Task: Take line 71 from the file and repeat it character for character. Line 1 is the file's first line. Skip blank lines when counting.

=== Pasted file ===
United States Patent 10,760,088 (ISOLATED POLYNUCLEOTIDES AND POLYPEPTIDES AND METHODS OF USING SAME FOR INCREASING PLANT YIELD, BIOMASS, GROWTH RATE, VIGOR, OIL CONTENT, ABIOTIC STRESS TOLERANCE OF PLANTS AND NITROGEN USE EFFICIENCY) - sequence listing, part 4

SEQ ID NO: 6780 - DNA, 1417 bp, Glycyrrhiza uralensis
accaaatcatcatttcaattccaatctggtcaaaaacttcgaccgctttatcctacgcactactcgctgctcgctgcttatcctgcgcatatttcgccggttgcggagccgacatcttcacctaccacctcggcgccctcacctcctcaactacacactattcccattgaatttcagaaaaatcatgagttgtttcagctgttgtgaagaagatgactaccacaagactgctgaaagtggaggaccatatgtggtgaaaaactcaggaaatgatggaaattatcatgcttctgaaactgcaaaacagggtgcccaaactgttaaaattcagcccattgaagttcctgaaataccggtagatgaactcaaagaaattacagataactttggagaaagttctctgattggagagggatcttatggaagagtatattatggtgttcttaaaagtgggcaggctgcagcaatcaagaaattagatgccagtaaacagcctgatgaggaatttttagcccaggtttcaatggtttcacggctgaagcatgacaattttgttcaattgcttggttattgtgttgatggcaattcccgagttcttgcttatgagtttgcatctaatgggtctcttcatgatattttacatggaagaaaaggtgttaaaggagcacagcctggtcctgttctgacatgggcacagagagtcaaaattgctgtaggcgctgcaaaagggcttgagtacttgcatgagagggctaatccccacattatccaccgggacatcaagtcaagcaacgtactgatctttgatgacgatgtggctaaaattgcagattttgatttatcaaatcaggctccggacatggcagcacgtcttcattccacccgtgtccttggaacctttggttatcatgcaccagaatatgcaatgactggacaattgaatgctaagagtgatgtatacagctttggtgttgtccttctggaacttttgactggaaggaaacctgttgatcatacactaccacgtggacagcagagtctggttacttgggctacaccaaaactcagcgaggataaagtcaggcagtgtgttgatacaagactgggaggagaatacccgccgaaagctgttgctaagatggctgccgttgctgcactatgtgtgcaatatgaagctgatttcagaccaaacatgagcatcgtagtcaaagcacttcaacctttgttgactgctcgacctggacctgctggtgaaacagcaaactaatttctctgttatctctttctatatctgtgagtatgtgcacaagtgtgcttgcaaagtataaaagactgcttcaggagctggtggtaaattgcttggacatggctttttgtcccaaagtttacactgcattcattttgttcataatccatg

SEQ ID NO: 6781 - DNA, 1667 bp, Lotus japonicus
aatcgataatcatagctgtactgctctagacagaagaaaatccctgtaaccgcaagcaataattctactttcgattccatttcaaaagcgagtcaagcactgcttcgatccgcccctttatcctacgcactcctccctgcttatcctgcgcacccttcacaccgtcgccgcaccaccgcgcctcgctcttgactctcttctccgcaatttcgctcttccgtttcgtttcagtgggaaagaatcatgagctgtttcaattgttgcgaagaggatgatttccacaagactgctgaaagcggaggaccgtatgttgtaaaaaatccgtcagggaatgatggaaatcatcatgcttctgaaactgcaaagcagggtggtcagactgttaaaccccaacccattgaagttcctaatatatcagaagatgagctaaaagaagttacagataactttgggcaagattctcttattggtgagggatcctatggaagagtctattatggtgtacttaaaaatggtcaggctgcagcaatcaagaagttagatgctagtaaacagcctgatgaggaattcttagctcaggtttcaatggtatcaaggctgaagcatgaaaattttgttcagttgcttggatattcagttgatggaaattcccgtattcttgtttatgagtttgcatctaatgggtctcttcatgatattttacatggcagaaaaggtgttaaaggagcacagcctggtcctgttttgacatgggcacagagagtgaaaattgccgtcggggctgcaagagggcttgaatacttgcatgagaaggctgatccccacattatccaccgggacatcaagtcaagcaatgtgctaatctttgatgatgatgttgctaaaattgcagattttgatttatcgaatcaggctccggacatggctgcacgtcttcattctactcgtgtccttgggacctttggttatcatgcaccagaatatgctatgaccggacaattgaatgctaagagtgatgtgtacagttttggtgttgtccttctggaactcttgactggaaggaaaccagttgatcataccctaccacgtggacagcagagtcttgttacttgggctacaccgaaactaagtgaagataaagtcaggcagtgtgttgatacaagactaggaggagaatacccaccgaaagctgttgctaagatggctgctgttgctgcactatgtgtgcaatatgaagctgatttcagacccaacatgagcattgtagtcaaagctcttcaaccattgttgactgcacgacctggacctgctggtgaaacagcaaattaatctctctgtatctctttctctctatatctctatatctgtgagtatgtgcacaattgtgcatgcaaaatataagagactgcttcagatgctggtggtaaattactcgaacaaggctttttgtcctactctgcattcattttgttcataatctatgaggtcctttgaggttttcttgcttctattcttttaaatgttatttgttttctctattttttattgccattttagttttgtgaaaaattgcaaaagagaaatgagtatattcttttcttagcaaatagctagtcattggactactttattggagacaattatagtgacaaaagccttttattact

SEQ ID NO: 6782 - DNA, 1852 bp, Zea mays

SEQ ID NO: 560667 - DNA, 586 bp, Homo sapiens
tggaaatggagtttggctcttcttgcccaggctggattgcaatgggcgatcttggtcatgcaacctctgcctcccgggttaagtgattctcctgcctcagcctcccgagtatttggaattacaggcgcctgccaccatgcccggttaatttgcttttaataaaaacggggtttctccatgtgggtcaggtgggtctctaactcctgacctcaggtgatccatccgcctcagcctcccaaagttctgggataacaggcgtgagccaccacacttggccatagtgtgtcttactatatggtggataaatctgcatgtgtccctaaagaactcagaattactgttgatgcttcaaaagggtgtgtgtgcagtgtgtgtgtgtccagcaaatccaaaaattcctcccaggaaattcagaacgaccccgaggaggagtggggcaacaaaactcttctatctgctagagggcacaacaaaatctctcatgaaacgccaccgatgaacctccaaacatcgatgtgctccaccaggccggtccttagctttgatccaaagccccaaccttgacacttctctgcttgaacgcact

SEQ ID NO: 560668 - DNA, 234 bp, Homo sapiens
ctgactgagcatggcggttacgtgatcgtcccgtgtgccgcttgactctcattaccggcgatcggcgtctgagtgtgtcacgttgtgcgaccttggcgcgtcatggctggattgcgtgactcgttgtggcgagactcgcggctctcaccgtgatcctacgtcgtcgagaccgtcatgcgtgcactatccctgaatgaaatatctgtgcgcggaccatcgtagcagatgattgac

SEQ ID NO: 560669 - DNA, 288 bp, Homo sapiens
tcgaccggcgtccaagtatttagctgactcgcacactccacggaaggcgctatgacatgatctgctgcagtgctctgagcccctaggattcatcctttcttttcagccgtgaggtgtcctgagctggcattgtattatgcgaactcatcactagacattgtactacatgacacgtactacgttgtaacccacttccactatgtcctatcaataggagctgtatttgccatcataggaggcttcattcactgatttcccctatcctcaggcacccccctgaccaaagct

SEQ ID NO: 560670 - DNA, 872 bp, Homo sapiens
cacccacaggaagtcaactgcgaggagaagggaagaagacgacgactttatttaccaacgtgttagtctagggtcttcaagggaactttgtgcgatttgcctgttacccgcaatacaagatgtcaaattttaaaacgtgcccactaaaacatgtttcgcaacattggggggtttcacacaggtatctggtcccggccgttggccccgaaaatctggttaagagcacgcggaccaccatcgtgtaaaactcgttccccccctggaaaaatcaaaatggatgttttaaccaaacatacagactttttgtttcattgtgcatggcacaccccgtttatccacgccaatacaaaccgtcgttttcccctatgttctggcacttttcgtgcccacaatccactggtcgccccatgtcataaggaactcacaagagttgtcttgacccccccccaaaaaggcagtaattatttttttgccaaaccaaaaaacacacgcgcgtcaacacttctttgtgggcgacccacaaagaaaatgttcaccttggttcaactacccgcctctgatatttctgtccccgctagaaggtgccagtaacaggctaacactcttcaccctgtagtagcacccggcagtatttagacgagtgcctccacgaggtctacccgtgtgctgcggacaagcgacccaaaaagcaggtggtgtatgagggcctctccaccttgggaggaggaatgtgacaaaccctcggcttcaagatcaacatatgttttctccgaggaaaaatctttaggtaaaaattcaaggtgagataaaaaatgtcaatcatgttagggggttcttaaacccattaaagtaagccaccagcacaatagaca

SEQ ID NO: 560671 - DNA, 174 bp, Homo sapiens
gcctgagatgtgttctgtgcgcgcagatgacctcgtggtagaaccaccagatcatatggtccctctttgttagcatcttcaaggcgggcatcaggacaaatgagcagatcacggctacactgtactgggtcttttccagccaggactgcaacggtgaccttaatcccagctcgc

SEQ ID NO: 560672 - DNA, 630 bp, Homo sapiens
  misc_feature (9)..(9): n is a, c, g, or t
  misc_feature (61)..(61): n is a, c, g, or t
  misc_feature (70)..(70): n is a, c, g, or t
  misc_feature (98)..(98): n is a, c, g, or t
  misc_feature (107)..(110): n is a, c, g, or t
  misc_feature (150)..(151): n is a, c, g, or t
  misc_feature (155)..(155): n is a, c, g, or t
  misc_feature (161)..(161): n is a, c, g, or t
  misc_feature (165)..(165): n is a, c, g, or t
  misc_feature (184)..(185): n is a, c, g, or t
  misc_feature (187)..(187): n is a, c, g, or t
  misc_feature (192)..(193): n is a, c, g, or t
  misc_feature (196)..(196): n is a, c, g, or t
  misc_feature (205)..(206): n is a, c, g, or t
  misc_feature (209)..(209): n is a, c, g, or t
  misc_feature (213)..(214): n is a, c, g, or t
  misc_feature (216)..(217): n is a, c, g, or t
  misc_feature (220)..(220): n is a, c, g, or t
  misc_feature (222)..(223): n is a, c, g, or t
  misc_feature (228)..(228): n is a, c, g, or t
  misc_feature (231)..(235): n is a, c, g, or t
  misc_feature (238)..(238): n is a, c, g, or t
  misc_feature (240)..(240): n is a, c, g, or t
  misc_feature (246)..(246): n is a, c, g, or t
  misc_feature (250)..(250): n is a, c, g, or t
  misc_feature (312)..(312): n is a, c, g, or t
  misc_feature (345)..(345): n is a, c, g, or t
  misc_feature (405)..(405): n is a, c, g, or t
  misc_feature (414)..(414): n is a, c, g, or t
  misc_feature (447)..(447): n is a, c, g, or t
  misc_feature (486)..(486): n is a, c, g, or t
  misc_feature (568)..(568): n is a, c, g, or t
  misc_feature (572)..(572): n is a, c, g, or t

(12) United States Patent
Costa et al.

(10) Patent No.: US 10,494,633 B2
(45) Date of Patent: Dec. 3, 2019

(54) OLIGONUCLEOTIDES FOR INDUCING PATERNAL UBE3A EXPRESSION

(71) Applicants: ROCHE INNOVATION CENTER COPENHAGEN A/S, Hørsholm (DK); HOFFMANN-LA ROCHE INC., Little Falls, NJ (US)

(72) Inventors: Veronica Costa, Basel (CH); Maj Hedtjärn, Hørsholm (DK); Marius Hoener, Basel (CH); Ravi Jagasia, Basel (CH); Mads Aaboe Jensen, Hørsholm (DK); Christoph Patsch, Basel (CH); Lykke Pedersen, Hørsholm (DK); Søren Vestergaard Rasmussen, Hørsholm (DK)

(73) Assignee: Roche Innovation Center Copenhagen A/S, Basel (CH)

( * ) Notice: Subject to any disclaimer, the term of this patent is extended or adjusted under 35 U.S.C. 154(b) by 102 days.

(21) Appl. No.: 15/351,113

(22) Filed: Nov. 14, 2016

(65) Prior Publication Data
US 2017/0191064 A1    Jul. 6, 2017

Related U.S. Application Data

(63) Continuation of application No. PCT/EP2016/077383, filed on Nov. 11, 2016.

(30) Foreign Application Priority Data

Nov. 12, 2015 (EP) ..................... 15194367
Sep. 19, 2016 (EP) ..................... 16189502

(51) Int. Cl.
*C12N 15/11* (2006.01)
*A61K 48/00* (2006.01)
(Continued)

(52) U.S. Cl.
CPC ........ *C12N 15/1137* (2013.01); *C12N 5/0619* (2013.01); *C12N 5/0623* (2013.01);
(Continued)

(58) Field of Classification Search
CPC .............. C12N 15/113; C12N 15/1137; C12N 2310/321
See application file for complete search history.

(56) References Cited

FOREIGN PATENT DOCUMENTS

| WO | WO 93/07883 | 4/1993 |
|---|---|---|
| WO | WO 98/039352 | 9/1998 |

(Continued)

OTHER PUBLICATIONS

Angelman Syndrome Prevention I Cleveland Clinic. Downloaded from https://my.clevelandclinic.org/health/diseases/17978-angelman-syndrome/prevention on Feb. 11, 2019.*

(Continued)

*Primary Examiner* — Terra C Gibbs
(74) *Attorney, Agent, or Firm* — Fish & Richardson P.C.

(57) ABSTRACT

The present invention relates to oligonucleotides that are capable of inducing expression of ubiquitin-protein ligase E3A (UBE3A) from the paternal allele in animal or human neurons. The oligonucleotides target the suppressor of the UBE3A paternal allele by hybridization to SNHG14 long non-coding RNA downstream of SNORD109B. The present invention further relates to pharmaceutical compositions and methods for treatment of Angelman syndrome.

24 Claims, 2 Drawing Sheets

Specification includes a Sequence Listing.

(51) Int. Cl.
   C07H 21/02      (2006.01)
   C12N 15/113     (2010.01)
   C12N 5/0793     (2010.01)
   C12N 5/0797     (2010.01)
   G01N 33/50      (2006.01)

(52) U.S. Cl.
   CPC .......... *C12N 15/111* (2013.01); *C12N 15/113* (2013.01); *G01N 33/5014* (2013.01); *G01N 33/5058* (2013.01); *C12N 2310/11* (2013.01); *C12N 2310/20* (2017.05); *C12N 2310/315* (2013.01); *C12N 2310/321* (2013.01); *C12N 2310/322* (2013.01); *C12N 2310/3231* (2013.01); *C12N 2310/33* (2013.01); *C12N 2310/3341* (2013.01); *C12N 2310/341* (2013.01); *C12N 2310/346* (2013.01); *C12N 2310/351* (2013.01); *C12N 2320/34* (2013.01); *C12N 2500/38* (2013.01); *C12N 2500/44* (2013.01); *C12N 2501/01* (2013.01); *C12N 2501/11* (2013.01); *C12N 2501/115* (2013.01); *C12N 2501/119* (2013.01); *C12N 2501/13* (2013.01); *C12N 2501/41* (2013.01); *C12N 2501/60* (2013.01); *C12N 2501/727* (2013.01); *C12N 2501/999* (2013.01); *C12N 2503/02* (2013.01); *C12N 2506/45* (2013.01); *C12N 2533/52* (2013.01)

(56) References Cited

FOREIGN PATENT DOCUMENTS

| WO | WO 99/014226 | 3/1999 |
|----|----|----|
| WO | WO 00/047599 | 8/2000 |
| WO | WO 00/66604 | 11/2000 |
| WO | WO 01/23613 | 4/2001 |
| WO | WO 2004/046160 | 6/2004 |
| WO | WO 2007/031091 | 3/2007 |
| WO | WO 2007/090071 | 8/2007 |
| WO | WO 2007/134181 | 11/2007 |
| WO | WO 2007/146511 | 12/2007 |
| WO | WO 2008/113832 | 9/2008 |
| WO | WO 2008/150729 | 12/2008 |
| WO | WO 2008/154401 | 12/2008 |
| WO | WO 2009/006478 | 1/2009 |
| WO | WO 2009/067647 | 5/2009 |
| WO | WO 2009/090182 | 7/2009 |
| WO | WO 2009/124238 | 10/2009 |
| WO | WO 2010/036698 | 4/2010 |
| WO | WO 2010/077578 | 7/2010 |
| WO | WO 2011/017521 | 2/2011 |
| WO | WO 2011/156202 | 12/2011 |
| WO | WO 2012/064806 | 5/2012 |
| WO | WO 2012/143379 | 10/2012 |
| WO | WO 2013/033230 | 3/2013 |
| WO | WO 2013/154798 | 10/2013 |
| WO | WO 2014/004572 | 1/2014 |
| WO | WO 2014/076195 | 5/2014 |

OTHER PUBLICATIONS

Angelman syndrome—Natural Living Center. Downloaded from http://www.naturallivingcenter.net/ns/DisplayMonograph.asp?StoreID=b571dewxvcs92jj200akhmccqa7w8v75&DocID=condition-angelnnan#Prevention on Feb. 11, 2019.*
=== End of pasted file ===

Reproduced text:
*A61K 48/00* (2006.01)